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For your viewing pleasure, I have compiled my annual list of the top 30 songs of 2014, in the opinion of myself, Craig Ismaili. This list required a great deal of deliberation, and it was compiled with the help of some of my trusted friends, including my co-hosts Madison and Don, but it is solely a reflection of my personal perspective, and should not be viewed as Garden Statement’s official top songs list. As a result, you will find a great deal of different genres from the ones we typically cover for this site. I have listened to a lot of different albums that have come out this year. Often times my selection is not even a single on the given band’s album, but is simply a deep cut I enjoyed a great deal. Other times, the band or singer’s smash hit single is represented. As is always the case, I have also only included one song per band/artist on this list, so as to spread the wealth and give 30 different artists the recognition they deserved for their standout tracks this year. I hope you enjoy the list I came up with. If you don’t agree with a selection, or would like to tell me what I missed, let me know in the comments. There is a handy Spotify playlist included again at the bottom of the list for those of you who are short on time, but still want to hear what I have chosen.

30. Jack White- “Lazaretto”

2014 was the year of the vinyl renaissance. While year-over-year vinyl record sales have increased every year since 2007, the medium hit a renewed creative high in 2014. No one was more creative with the LP than Jack White. His ultra-LP for his second solo album was jam packed with great features, but it helped that the music contained within was great as well including this super groovy title track.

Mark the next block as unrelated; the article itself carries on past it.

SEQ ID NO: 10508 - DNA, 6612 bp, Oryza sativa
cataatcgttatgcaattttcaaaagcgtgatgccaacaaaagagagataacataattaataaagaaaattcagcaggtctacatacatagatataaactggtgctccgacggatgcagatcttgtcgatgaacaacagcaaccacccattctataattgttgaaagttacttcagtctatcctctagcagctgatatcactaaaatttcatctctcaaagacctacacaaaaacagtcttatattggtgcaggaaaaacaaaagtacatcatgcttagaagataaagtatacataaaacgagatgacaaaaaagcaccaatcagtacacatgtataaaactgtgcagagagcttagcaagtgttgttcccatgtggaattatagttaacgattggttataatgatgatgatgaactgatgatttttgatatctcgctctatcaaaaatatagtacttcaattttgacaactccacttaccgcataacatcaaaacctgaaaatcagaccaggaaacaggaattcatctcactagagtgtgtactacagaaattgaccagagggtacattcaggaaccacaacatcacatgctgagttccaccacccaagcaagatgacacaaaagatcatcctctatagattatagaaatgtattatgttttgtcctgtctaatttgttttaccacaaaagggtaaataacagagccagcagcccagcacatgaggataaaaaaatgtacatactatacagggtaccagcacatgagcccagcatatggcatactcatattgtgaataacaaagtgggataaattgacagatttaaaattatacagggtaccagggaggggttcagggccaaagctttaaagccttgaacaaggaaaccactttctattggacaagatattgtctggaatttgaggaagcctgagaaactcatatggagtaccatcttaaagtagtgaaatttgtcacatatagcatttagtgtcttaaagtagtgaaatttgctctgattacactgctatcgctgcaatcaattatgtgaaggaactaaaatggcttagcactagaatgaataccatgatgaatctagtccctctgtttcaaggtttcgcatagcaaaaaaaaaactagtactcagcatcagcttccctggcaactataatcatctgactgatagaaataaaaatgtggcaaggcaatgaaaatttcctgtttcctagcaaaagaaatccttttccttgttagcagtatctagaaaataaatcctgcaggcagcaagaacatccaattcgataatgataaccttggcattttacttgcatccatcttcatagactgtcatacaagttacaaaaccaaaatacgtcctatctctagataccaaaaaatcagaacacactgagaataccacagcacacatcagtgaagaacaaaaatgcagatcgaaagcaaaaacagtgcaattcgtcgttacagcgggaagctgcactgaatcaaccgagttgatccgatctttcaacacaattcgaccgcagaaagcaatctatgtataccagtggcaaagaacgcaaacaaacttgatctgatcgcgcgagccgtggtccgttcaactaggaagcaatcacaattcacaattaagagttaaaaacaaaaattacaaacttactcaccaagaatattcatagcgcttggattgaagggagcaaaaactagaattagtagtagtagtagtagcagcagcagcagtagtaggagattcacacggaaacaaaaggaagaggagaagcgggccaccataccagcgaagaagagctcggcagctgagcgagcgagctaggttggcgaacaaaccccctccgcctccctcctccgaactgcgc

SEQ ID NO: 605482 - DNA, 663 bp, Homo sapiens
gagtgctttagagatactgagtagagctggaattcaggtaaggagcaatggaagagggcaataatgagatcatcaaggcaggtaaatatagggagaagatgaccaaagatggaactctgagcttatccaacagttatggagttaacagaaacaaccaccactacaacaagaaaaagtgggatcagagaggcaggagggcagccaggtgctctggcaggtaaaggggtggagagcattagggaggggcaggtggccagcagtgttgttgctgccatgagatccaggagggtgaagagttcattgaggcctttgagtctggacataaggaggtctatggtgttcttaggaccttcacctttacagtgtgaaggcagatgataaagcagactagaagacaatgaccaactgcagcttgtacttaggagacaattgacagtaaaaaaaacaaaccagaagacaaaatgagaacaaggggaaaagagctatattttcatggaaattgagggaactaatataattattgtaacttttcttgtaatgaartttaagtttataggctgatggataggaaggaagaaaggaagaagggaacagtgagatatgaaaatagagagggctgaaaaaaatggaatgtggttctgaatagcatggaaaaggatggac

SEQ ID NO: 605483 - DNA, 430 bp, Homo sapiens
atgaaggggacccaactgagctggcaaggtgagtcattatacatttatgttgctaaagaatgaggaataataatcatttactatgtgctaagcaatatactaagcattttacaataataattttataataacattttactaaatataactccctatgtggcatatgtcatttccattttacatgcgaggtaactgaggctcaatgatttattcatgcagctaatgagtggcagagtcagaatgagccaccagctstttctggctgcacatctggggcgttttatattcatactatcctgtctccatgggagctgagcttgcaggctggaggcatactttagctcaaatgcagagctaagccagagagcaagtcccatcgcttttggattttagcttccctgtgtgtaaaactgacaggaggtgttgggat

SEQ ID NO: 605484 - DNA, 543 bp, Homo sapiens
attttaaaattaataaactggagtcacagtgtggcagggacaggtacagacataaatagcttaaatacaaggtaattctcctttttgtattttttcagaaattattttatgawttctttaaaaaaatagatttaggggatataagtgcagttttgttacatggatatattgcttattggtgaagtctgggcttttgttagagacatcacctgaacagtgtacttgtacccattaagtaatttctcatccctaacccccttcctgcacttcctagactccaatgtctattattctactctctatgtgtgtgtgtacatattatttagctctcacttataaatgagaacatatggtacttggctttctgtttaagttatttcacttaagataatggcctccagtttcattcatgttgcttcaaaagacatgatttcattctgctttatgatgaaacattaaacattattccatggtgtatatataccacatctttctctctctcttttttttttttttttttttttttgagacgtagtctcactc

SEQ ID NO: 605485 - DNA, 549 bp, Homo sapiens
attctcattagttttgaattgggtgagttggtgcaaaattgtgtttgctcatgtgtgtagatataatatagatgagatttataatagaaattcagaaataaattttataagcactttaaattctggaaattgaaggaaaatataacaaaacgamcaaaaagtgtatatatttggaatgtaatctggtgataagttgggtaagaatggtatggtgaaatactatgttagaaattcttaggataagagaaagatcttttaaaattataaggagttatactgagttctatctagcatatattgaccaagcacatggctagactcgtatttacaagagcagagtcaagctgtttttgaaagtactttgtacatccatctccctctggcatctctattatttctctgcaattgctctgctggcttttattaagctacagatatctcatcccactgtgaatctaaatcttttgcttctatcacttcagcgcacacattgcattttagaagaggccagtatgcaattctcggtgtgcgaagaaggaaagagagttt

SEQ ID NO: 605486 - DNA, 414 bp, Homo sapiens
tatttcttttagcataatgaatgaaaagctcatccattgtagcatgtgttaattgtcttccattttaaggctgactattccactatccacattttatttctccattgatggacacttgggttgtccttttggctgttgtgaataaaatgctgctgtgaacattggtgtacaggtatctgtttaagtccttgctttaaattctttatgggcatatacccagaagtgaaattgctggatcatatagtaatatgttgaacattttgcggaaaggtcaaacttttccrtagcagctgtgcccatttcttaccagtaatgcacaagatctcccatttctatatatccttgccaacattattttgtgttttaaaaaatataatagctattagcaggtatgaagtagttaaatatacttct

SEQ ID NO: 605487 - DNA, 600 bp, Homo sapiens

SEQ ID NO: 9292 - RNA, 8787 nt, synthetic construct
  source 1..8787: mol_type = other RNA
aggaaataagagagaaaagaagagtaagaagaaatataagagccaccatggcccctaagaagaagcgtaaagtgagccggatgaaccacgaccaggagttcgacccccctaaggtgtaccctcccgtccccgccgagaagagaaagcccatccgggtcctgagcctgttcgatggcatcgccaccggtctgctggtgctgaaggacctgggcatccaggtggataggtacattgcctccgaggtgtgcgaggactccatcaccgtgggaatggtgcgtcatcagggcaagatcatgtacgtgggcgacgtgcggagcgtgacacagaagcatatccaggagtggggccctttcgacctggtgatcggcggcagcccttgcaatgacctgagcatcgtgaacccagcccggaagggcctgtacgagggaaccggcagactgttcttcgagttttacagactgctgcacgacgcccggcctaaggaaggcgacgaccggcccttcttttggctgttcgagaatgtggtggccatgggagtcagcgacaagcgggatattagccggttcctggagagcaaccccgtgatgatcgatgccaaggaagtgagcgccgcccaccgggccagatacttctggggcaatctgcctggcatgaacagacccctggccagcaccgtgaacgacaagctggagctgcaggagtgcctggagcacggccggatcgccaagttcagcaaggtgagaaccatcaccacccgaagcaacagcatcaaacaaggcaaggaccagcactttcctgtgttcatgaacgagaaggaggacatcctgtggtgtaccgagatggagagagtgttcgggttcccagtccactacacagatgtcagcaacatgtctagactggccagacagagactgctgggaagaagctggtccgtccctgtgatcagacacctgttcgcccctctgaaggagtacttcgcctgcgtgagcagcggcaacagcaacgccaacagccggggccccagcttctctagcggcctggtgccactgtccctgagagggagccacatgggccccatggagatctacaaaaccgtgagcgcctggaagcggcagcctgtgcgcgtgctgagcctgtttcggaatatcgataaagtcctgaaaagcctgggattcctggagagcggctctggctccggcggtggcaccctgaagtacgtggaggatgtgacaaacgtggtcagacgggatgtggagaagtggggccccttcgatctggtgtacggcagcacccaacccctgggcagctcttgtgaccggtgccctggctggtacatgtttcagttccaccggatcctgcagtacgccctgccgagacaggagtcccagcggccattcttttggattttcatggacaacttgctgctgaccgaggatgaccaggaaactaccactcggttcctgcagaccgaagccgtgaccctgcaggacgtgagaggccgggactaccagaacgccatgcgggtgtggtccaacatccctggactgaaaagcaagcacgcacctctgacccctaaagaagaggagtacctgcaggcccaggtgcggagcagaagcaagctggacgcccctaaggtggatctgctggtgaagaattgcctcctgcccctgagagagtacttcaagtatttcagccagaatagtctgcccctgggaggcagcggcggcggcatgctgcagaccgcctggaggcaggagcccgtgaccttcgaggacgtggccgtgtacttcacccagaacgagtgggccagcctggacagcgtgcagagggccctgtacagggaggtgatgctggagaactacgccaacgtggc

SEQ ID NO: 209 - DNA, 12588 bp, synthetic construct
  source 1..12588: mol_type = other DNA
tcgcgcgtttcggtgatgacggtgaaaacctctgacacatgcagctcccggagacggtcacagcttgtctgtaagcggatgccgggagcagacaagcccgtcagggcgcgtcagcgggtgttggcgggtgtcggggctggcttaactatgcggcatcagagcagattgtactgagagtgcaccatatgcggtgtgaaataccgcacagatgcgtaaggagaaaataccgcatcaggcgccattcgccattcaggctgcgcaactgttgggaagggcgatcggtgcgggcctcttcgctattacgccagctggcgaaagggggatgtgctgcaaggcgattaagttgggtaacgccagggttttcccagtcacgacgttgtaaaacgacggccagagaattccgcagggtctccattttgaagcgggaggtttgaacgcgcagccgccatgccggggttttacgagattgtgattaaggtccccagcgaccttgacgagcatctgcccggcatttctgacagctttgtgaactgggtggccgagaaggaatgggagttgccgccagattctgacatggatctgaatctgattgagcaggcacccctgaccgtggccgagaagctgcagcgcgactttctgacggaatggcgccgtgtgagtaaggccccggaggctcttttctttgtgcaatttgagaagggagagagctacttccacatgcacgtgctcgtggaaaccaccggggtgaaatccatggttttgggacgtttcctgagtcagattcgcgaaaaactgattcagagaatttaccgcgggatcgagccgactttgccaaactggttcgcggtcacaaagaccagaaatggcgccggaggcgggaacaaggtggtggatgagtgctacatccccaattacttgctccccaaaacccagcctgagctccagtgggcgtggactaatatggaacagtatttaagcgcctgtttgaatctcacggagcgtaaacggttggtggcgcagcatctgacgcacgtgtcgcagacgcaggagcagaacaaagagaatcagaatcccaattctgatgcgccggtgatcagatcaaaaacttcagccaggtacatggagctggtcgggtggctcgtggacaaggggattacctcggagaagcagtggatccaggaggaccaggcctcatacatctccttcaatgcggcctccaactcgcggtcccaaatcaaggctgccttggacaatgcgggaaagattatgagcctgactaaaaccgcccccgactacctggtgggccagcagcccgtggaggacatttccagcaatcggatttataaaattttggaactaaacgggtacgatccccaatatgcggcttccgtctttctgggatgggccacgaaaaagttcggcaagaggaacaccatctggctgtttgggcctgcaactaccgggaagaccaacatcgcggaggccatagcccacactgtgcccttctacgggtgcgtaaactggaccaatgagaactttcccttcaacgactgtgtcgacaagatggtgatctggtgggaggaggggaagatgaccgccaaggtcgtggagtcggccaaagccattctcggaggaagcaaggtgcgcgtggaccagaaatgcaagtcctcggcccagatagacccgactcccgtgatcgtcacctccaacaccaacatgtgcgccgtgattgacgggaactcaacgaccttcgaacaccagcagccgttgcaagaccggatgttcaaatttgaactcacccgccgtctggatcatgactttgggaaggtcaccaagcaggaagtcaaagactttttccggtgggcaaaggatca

29. Taking Back Sunday- “Flicker, Fade”

While the album it comes from was a train-wreck of epic proportions for the veteran rockers, Taking Back Sunday gave fans a glimpse of what could have been with this throat-shredding lead single, unsurprisingly featuring a great deal of backing vocalist John Nolan. Note to Taking Back Sunday, let John loose a bit more.

28. Hozier- “Take Me To Church”

The obligatory alt-rock crossover to pop radio takeover track of 2014, “Take Me to Church” has the added benefit of ubiquity when it comes to me making this list. No matter where I turned, someone somewhere was playing or singing this song. The Irish singer’s silky-smooth voice definitely makes the track a rewarding listen, but I am already wondering if this track is just in the flash in the pan. Anyone remember Daniel Powter? “Bad Day” was a good song…

27. The 1975- “Medicine”